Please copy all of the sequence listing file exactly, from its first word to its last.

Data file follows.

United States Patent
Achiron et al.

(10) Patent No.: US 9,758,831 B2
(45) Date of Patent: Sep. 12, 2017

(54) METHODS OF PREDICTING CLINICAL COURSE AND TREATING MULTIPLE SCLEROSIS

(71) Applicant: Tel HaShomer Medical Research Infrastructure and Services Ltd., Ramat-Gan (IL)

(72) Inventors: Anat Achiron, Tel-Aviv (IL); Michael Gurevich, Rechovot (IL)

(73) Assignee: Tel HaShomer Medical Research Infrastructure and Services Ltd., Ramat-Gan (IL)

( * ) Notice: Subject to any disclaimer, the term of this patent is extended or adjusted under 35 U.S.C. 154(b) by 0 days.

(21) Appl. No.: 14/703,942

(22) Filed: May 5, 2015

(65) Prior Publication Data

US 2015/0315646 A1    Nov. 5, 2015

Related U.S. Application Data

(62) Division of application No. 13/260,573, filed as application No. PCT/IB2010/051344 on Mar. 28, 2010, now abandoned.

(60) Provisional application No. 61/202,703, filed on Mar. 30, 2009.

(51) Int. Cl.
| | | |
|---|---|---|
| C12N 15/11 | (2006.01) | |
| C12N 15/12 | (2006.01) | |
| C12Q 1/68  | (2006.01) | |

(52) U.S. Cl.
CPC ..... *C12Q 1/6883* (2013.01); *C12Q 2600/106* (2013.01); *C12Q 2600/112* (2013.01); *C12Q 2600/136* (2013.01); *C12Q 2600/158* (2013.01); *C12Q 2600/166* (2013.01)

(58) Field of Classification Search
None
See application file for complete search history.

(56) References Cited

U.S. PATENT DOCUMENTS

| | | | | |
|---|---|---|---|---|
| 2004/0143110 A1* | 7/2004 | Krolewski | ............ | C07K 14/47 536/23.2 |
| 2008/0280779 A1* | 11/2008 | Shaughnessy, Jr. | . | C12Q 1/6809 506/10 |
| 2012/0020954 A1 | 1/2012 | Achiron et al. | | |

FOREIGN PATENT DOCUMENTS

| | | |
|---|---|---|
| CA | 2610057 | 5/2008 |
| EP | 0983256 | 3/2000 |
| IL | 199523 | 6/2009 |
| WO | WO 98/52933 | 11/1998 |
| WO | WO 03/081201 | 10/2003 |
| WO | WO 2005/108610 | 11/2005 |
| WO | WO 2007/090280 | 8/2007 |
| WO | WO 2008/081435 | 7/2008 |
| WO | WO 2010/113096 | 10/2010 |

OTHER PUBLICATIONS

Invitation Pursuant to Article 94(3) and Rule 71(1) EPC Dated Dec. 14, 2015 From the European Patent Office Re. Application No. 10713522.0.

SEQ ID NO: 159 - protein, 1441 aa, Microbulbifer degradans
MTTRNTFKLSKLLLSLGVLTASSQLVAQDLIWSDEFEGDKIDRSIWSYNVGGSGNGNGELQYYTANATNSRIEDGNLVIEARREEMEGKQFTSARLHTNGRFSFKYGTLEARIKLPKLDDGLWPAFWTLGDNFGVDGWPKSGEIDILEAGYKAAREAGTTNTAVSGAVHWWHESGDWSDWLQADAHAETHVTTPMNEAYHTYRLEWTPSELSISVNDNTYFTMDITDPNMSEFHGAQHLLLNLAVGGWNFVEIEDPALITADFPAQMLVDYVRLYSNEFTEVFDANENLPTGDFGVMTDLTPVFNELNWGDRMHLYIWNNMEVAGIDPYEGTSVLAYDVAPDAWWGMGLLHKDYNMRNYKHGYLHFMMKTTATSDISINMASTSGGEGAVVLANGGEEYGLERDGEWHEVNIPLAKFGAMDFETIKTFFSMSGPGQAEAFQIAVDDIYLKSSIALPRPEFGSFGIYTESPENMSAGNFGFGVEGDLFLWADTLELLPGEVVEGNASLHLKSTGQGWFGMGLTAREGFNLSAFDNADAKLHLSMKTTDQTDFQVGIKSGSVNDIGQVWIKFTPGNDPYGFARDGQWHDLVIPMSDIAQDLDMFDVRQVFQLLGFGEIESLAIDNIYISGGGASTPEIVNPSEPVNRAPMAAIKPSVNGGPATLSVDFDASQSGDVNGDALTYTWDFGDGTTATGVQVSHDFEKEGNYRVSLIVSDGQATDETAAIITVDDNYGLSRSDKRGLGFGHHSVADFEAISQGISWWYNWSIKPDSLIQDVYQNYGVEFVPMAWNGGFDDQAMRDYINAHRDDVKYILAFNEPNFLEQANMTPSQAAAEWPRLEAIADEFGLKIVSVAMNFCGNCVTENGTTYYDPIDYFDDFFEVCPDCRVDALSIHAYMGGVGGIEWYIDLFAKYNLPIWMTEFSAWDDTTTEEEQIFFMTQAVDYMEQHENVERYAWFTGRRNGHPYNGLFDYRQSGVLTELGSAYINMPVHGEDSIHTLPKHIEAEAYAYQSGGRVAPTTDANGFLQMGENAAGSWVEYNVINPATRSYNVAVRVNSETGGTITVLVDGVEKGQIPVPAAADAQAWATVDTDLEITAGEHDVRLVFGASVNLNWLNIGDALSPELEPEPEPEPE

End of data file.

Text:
United States Patent
Achiron et al.

(10) Patent No.: US 9,758,831 B2
(45) Date of Patent: Sep. 12, 2017

(54) METHODS OF PREDICTING CLINICAL COURSE AND TREATING MULTIPLE SCLEROSIS

(71) Applicant: Tel HaShomer Medical Research Infrastructure and Services Ltd., Ramat-Gan (IL)

(72) Inventors: Anat Achiron, Tel-Aviv (IL); Michael Gurevich, Rechovot (IL)

(73) Assignee: Tel HaShomer Medical Research Infrastructure and Services Ltd., Ramat-Gan (IL)

( * ) Notice: Subject to any disclaimer, the term of this patent is extended or adjusted under 35 U.S.C. 154(b) by 0 days.

(21) Appl. No.: 14/703,942

(22) Filed: May 5, 2015

(65) Prior Publication Data

US 2015/0315646 A1    Nov. 5, 2015

Related U.S. Application Data

(62) Division of application No. 13/260,573, filed as application No. PCT/IB2010/051344 on Mar. 28, 2010, now abandoned.

(60) Provisional application No. 61/202,703, filed on Mar. 30, 2009.

(51) Int. Cl.
| | | |
|---|---|---|
| C12N 15/11 | (2006.01) | |
| C12N 15/12 | (2006.01) | |
| C12Q 1/68  | (2006.01) | |

(52) U.S. Cl.
CPC ..... *C12Q 1/6883* (2013.01); *C12Q 2600/106* (2013.01); *C12Q 2600/112* (2013.01); *C12Q 2600/136* (2013.01); *C12Q 2600/158* (2013.01); *C12Q 2600/166* (2013.01)

(58) Field of Classification Search
None
See application file for complete search history.

(56) References Cited

U.S. PATENT DOCUMENTS

| | | | | |
|---|---|---|---|---|
| 2004/0143110 A1* | 7/2004 | Krolewski | ............ | C07K 14/47 536/23.2 |
| 2008/0280779 A1* | 11/2008 | Shaughnessy, Jr. | . | C12Q 1/6809 506/10 |
| 2012/0020954 A1 | 1/2012 | Achiron et al. | | |

FOREIGN PATENT DOCUMENTS

| | | |
|---|---|---|
| CA | 2610057 | 5/2008 |
| EP | 0983256 | 3/2000 |
| IL | 199523 | 6/2009 |
| WO | WO 98/52933 | 11/1998 |
| WO | WO 03/081201 | 10/2003 |
| WO | WO 2005/108610 | 11/2005 |
| WO | WO 2007/090280 | 8/2007 |
| WO | WO 2008/081435 | 7/2008 |
| WO | WO 2010/113096 | 10/2010 |

OTHER PUBLICATIONS

Invitation Pursuant to Article 94(3) and Rule 71(1) EPC Dated Dec. 14, 2015 From the European Patent Office Re. Application No. 10713522.0.

SEQ ID NO: 159 - protein, 1441 aa, Microbulbifer degradans
MTTRNTFKLSKLLLSLGVLTASSQLVAQDLIWSDEFEGDKIDRSIWSYNVGGSGNGNGELQYYTANATNSRIEDGNLVIEARREEMEGKQFTSARLHTNGRFSFKYGTLEARIKLPKLDDGLWPAFWTLGDNFGVDGWPKSGEIDILEAGYKAAREAGTTNTAVSGAVHWWHESGDWSDWLQADAHAETHVTTPMNEAYHTYRLEWTPSELSISVNDNTYFTMDITDPNMSEFHGAQHLLLNLAVGGWNFVEIEDPALITADFPAQMLVDYVRLYSNEFTEVFDANENLPTGDFGVMTDLTPVFNELNWGDRMHLYIWNNMEVAGIDPYEGTSVLAYDVAPDAWWGMGLLHKDYNMRNYKHGYLHFMMKTTATSDISINMASTSGGEGAVVLANGGEEYGLERDGEWHEVNIPLAKFGAMDFETIKTFFSMSGPGQAEAFQIAVDDIYLKSSIALPRPEFGSFGIYTESPENMSAGNFGFGVEGDLFLWADTLELLPGEVVEGNASLHLKSTGQGWFGMGLTAREGFNLSAFDNADAKLHLSMKTTDQTDFQVGIKSGSVNDIGQVWIKFTPGNDPYGFARDGQWHDLVIPMSDIAQDLDMFDVRQVFQLLGFGEIESLAIDNIYISGGGASTPEIVNPSEPVNRAPMAAIKPSVNGGPATLSVDFDASQSGDVNGDALTYTWDFGDGTTATGVQVSHDFEKEGNYRVSLIVSDGQATDETAAIITVDDNYGLSRSDKRGLGFGHHSVADFEAISQGISWWYNWSIKPDSLIQDVYQNYGVEFVPMAWNGGFDDQAMRDYINAHRDDVKYILAFNEPNFLEQANMTPSQAAAEWPRLEAIADEFGLKIVSVAMNFCGNCVTENGTTYYDPIDYFDDFFEVCPDCRVDALSIHAYMGGVGGIEWYIDLFAKYNLPIWMTEFSAWDDTTTEEEQIFFMTQAVDYMEQHENVERYAWFTGRRNGHPYNGLFDYRQSGVLTELGSAYINMPVHGEDSIHTLPKHIEAEAYAYQSGGRVAPTTDANGFLQMGENAAGSWVEYNVINPATRSYNVAVRVNSETGGTITVLVDGVEKGQIPVPAAADAQAWATVDTDLEITAGEHDVRLVFGASVNLNWLNIGDALSPELEPEPEPEPE